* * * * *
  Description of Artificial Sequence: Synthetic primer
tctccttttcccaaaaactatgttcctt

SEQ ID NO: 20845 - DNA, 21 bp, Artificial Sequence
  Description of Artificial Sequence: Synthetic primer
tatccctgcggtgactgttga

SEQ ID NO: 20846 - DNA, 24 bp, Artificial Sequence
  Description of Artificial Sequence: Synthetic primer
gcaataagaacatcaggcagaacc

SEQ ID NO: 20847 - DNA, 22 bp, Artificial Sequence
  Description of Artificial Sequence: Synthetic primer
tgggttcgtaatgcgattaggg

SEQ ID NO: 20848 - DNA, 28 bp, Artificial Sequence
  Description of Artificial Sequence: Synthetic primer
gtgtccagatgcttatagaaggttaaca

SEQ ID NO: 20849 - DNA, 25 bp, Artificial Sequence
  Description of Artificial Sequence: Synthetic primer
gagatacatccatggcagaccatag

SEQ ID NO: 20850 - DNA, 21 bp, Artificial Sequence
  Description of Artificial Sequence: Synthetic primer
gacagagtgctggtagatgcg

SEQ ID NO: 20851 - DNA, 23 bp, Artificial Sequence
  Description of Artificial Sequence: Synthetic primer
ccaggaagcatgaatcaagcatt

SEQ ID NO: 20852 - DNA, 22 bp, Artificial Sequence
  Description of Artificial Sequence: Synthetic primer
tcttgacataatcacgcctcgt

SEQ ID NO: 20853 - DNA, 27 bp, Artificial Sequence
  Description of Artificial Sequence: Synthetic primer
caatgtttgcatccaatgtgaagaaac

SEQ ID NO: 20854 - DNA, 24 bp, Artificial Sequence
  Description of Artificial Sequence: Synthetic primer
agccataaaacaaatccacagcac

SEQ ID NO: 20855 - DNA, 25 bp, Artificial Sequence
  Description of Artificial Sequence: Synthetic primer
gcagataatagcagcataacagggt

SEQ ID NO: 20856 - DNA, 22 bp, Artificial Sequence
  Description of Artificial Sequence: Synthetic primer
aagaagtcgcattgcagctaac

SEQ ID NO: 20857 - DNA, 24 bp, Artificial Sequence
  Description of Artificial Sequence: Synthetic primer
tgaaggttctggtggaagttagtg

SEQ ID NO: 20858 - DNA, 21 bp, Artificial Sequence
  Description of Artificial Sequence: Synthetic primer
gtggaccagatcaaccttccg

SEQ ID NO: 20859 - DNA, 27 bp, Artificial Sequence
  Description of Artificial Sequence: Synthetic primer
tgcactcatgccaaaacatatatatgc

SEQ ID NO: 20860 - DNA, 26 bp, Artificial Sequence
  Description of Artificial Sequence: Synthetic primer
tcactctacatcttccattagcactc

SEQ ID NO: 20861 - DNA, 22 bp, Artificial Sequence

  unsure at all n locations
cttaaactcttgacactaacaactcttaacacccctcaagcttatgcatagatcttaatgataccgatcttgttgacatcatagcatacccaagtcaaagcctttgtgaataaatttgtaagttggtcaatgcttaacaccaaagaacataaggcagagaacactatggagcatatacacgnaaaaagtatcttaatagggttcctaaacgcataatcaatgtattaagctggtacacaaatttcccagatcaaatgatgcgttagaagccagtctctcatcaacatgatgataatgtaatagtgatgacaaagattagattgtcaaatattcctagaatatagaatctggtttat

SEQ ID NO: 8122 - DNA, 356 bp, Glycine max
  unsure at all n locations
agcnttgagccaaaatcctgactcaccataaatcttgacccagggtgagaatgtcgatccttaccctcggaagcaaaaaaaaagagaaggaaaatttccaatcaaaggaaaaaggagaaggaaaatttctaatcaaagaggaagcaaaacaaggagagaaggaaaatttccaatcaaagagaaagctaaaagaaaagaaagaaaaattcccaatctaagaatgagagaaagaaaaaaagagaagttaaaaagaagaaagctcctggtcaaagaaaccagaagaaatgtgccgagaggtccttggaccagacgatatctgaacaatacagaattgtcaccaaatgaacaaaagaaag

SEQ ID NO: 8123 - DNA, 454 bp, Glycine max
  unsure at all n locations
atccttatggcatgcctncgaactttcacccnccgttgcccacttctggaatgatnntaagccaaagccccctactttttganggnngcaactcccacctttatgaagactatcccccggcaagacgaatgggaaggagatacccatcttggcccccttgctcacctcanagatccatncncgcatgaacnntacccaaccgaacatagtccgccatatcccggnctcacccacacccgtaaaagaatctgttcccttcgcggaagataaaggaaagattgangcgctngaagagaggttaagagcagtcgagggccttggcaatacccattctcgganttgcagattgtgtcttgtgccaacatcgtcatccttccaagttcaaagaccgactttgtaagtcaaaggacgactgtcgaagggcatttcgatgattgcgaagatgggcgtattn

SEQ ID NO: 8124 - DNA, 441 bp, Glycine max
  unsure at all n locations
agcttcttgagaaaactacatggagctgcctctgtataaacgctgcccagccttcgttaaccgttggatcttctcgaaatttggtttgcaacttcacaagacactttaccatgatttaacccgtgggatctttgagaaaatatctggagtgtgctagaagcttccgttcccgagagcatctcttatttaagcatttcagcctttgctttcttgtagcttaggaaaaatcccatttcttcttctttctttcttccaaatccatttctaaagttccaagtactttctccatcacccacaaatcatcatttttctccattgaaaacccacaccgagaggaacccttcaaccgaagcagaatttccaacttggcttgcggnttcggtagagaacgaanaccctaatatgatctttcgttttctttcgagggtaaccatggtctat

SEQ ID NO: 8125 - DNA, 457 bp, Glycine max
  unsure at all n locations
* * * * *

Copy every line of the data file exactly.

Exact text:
  Description of Artificial Sequence: Synthetic primer
tctccttttcccaaaaactatgttcctt

SEQ ID NO: 20845 - DNA, 21 bp, Artificial Sequence
  Description of Artificial Sequence: Synthetic primer
tatccctgcggtgactgttga

SEQ ID NO: 20846 - DNA, 24 bp, Artificial Sequence
  Description of Artificial Sequence: Synthetic primer
gcaataagaacatcaggcagaacc

SEQ ID NO: 20847 - DNA, 22 bp, Artificial Sequence
  Description of Artificial Sequence: Synthetic primer
tgggttcgtaatgcgattaggg

SEQ ID NO: 20848 - DNA, 28 bp, Artificial Sequence
  Description of Artificial Sequence: Synthetic primer
gtgtccagatgcttatagaaggttaaca

SEQ ID NO: 20849 - DNA, 25 bp, Artificial Sequence
  Description of Artificial Sequence: Synthetic primer
gagatacatccatggcagaccatag

SEQ ID NO: 20850 - DNA, 21 bp, Artificial Sequence
  Description of Artificial Sequence: Synthetic primer
gacagagtgctggtagatgcg

SEQ ID NO: 20851 - DNA, 23 bp, Artificial Sequence
  Description of Artificial Sequence: Synthetic primer
ccaggaagcatgaatcaagcatt

SEQ ID NO: 20852 - DNA, 22 bp, Artificial Sequence
  Description of Artificial Sequence: Synthetic primer
tcttgacataatcacgcctcgt

SEQ ID NO: 20853 - DNA, 27 bp, Artificial Sequence
  Description of Artificial Sequence: Synthetic primer
caatgtttgcatccaatgtgaagaaac

SEQ ID NO: 20854 - DNA, 24 bp, Artificial Sequence
  Description of Artificial Sequence: Synthetic primer
agccataaaacaaatccacagcac

SEQ ID NO: 20855 - DNA, 25 bp, Artificial Sequence
  Description of Artificial Sequence: Synthetic primer
gcagataatagcagcataacagggt

SEQ ID NO: 20856 - DNA, 22 bp, Artificial Sequence
  Description of Artificial Sequence: Synthetic primer
aagaagtcgcattgcagctaac

SEQ ID NO: 20857 - DNA, 24 bp, Artificial Sequence
  Description of Artificial Sequence: Synthetic primer
tgaaggttctggtggaagttagtg

SEQ ID NO: 20858 - DNA, 21 bp, Artificial Sequence
  Description of Artificial Sequence: Synthetic primer
gtggaccagatcaaccttccg

SEQ ID NO: 20859 - DNA, 27 bp, Artificial Sequence
  Description of Artificial Sequence: Synthetic primer
tgcactcatgccaaaacatatatatgc

SEQ ID NO: 20860 - DNA, 26 bp, Artificial Sequence
  Description of Artificial Sequence: Synthetic primer
tcactctacatcttccattagcactc

SEQ ID NO: 20861 - DNA, 22 bp, Artificial Sequence

  unsure at all n locations
cttaaactcttgacactaacaactcttaacacccctcaagcttatgcatagatcttaatgataccgatcttgttgacatcatagcatacccaagtcaaagcctttgtgaataaatttgtaagttggtcaatgcttaacaccaaagaacataaggcagagaacactatggagcatatacacgnaaaaagtatcttaatagggttcctaaacgcataatcaatgtattaagctggtacacaaatttcccagatcaaatgatgcgttagaagccagtctctcatcaacatgatgataatgtaatagtgatgacaaagattagattgtcaaatattcctagaatatagaatctggtttat

SEQ ID NO: 8122 - DNA, 356 bp, Glycine max
  unsure at all n locations
agcnttgagccaaaatcctgactcaccataaatcttgacccagggtgagaatgtcgatccttaccctcggaagcaaaaaaaaagagaaggaaaatttccaatcaaaggaaaaaggagaaggaaaatttctaatcaaagaggaagcaaaacaaggagagaaggaaaatttccaatcaaagagaaagctaaaagaaaagaaagaaaaattcccaatctaagaatgagagaaagaaaaaaagagaagttaaaaagaagaaagctcctggtcaaagaaaccagaagaaatgtgccgagaggtccttggaccagacgatatctgaacaatacagaattgtcaccaaatgaacaaaagaaag

SEQ ID NO: 8123 - DNA, 454 bp, Glycine max
  unsure at all n locations
atccttatggcatgcctncgaactttcacccnccgttgcccacttctggaatgatnntaagccaaagccccctactttttganggnngcaactcccacctttatgaagactatcccccggcaagacgaatgggaaggagatacccatcttggcccccttgctcacctcanagatccatncncgcatgaacnntacccaaccgaacatagtccgccatatcccggnctcacccacacccgtaaaagaatctgttcccttcgcggaagataaaggaaagattgangcgctngaagagaggttaagagcagtcgagggccttggcaatacccattctcgganttgcagattgtgtcttgtgccaacatcgtcatccttccaagttcaaagaccgactttgtaagtcaaaggacgactgtcgaagggcatttcgatgattgcgaagatgggcgtattn

SEQ ID NO: 8124 - DNA, 441 bp, Glycine max
  unsure at all n locations
agcttcttgagaaaactacatggagctgcctctgtataaacgctgcccagccttcgttaaccgttggatcttctcgaaatttggtttgcaacttcacaagacactttaccatgatttaacccgtgggatctttgagaaaatatctggagtgtgctagaagcttccgttcccgagagcatctcttatttaagcatttcagcctttgctttcttgtagcttaggaaaaatcccatttcttcttctttctttcttccaaatccatttctaaagttccaagtactttctccatcacccacaaatcatcatttttctccattgaaaacccacaccgagaggaacccttcaaccgaagcagaatttccaacttggcttgcggnttcggtagagaacgaanaccctaatatgatctttcgttttctttcgagggtaaccatggtctat

SEQ ID NO: 8125 - DNA, 457 bp, Glycine max
  unsure at all n locations